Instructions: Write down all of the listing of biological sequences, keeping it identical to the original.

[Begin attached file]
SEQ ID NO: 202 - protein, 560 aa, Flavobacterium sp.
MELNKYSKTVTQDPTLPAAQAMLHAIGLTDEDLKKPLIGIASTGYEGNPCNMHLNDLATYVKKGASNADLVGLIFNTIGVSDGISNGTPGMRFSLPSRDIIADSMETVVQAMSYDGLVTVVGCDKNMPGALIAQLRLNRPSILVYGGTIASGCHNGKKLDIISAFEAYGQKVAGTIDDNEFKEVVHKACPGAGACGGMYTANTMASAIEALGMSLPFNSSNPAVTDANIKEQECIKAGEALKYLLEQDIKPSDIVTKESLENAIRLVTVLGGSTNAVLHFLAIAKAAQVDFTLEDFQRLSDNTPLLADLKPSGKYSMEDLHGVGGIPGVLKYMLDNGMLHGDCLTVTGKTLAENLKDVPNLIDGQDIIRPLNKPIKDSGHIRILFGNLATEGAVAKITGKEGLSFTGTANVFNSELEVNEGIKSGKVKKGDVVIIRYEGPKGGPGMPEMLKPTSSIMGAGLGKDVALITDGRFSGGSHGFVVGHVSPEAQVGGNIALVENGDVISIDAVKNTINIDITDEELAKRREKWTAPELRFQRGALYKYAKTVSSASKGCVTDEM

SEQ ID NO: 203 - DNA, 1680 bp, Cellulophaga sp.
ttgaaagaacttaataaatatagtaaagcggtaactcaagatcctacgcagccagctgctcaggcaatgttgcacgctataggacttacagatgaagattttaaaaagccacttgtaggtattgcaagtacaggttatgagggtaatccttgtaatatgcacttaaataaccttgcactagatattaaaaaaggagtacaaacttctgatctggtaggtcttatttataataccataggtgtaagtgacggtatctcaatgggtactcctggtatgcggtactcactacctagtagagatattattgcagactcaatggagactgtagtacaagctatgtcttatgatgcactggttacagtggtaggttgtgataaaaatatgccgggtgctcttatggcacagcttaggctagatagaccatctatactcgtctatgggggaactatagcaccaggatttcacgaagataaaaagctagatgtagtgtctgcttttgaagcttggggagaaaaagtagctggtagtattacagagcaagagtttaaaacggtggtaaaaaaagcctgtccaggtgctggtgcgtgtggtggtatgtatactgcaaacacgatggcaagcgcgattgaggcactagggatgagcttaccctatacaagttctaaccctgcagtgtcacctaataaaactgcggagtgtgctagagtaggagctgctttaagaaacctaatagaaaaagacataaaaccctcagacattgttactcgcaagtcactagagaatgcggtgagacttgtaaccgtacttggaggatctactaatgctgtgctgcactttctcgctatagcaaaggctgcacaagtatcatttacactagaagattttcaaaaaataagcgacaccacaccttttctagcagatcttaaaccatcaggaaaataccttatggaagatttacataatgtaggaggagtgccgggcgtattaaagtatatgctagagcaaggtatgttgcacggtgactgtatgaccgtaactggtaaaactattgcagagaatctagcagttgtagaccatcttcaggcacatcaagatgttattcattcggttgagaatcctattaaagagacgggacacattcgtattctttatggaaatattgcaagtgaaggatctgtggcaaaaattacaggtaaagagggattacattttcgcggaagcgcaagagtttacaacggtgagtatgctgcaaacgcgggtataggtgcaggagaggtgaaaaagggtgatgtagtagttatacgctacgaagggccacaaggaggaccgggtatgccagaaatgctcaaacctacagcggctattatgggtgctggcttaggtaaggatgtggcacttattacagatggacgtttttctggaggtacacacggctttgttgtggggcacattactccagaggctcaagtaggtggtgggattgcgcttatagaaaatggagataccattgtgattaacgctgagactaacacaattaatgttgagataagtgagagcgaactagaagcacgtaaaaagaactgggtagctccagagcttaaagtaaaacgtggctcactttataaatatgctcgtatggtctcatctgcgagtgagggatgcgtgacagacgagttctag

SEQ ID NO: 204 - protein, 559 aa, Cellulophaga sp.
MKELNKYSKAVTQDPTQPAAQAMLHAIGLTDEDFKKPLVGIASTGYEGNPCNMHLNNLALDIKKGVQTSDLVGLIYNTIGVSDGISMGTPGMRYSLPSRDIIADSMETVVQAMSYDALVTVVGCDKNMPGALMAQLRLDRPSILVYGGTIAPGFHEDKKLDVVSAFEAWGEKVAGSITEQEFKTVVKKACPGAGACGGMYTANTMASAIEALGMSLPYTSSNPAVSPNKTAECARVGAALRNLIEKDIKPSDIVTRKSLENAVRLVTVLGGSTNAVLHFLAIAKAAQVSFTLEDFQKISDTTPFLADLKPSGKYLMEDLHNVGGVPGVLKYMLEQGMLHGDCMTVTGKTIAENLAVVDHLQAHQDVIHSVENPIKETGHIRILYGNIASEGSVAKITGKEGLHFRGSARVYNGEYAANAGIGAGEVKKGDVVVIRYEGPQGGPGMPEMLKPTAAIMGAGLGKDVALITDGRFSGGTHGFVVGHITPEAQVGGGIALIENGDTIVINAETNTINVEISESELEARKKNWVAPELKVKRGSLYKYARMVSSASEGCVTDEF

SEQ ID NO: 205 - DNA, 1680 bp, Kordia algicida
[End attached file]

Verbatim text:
SEQ ID NO: 202 - protein, 560 aa, Flavobacterium sp.
MELNKYSKTVTQDPTLPAAQAMLHAIGLTDEDLKKPLIGIASTGYEGNPCNMHLNDLATYVKKGASNADLVGLIFNTIGVSDGISNGTPGMRFSLPSRDIIADSMETVVQAMSYDGLVTVVGCDKNMPGALIAQLRLNRPSILVYGGTIASGCHNGKKLDIISAFEAYGQKVAGTIDDNEFKEVVHKACPGAGACGGMYTANTMASAIEALGMSLPFNSSNPAVTDANIKEQECIKAGEALKYLLEQDIKPSDIVTKESLENAIRLVTVLGGSTNAVLHFLAIAKAAQVDFTLEDFQRLSDNTPLLADLKPSGKYSMEDLHGVGGIPGVLKYMLDNGMLHGDCLTVTGKTLAENLKDVPNLIDGQDIIRPLNKPIKDSGHIRILFGNLATEGAVAKITGKEGLSFTGTANVFNSELEVNEGIKSGKVKKGDVVIIRYEGPKGGPGMPEMLKPTSSIMGAGLGKDVALITDGRFSGGSHGFVVGHVSPEAQVGGNIALVENGDVISIDAVKNTINIDITDEELAKRREKWTAPELRFQRGALYKYAKTVSSASKGCVTDEM

SEQ ID NO: 203 - DNA, 1680 bp, Cellulophaga sp.
ttgaaagaacttaataaatatagtaaagcggtaactcaagatcctacgcagccagctgctcaggcaatgttgcacgctataggacttacagatgaagattttaaaaagccacttgtaggtattgcaagtacaggttatgagggtaatccttgtaatatgcacttaaataaccttgcactagatattaaaaaaggagtacaaacttctgatctggtaggtcttatttataataccataggtgtaagtgacggtatctcaatgggtactcctggtatgcggtactcactacctagtagagatattattgcagactcaatggagactgtagtacaagctatgtcttatgatgcactggttacagtggtaggttgtgataaaaatatgccgggtgctcttatggcacagcttaggctagatagaccatctatactcgtctatgggggaactatagcaccaggatttcacgaagataaaaagctagatgtagtgtctgcttttgaagcttggggagaaaaagtagctggtagtattacagagcaagagtttaaaacggtggtaaaaaaagcctgtccaggtgctggtgcgtgtggtggtatgtatactgcaaacacgatggcaagcgcgattgaggcactagggatgagcttaccctatacaagttctaaccctgcagtgtcacctaataaaactgcggagtgtgctagagtaggagctgctttaagaaacctaatagaaaaagacataaaaccctcagacattgttactcgcaagtcactagagaatgcggtgagacttgtaaccgtacttggaggatctactaatgctgtgctgcactttctcgctatagcaaaggctgcacaagtatcatttacactagaagattttcaaaaaataagcgacaccacaccttttctagcagatcttaaaccatcaggaaaataccttatggaagatttacataatgtaggaggagtgccgggcgtattaaagtatatgctagagcaaggtatgttgcacggtgactgtatgaccgtaactggtaaaactattgcagagaatctagcagttgtagaccatcttcaggcacatcaagatgttattcattcggttgagaatcctattaaagagacgggacacattcgtattctttatggaaatattgcaagtgaaggatctgtggcaaaaattacaggtaaagagggattacattttcgcggaagcgcaagagtttacaacggtgagtatgctgcaaacgcgggtataggtgcaggagaggtgaaaaagggtgatgtagtagttatacgctacgaagggccacaaggaggaccgggtatgccagaaatgctcaaacctacagcggctattatgggtgctggcttaggtaaggatgtggcacttattacagatggacgtttttctggaggtacacacggctttgttgtggggcacattactccagaggctcaagtaggtggtgggattgcgcttatagaaaatggagataccattgtgattaacgctgagactaacacaattaatgttgagataagtgagagcgaactagaagcacgtaaaaagaactgggtagctccagagcttaaagtaaaacgtggctcactttataaatatgctcgtatggtctcatctgcgagtgagggatgcgtgacagacgagttctag

SEQ ID NO: 204 - protein, 559 aa, Cellulophaga sp.
MKELNKYSKAVTQDPTQPAAQAMLHAIGLTDEDFKKPLVGIASTGYEGNPCNMHLNNLALDIKKGVQTSDLVGLIYNTIGVSDGISMGTPGMRYSLPSRDIIADSMETVVQAMSYDALVTVVGCDKNMPGALMAQLRLDRPSILVYGGTIAPGFHEDKKLDVVSAFEAWGEKVAGSITEQEFKTVVKKACPGAGACGGMYTANTMASAIEALGMSLPYTSSNPAVSPNKTAECARVGAALRNLIEKDIKPSDIVTRKSLENAVRLVTVLGGSTNAVLHFLAIAKAAQVSFTLEDFQKISDTTPFLADLKPSGKYLMEDLHNVGGVPGVLKYMLEQGMLHGDCMTVTGKTIAENLAVVDHLQAHQDVIHSVENPIKETGHIRILYGNIASEGSVAKITGKEGLHFRGSARVYNGEYAANAGIGAGEVKKGDVVVIRYEGPQGGPGMPEMLKPTAAIMGAGLGKDVALITDGRFSGGTHGFVVGHITPEAQVGGGIALIENGDTIVINAETNTINVEISESELEARKKNWVAPELKVKRGSLYKYARMVSSASEGCVTDEF

SEQ ID NO: 205 - DNA, 1680 bp, Kordia algicida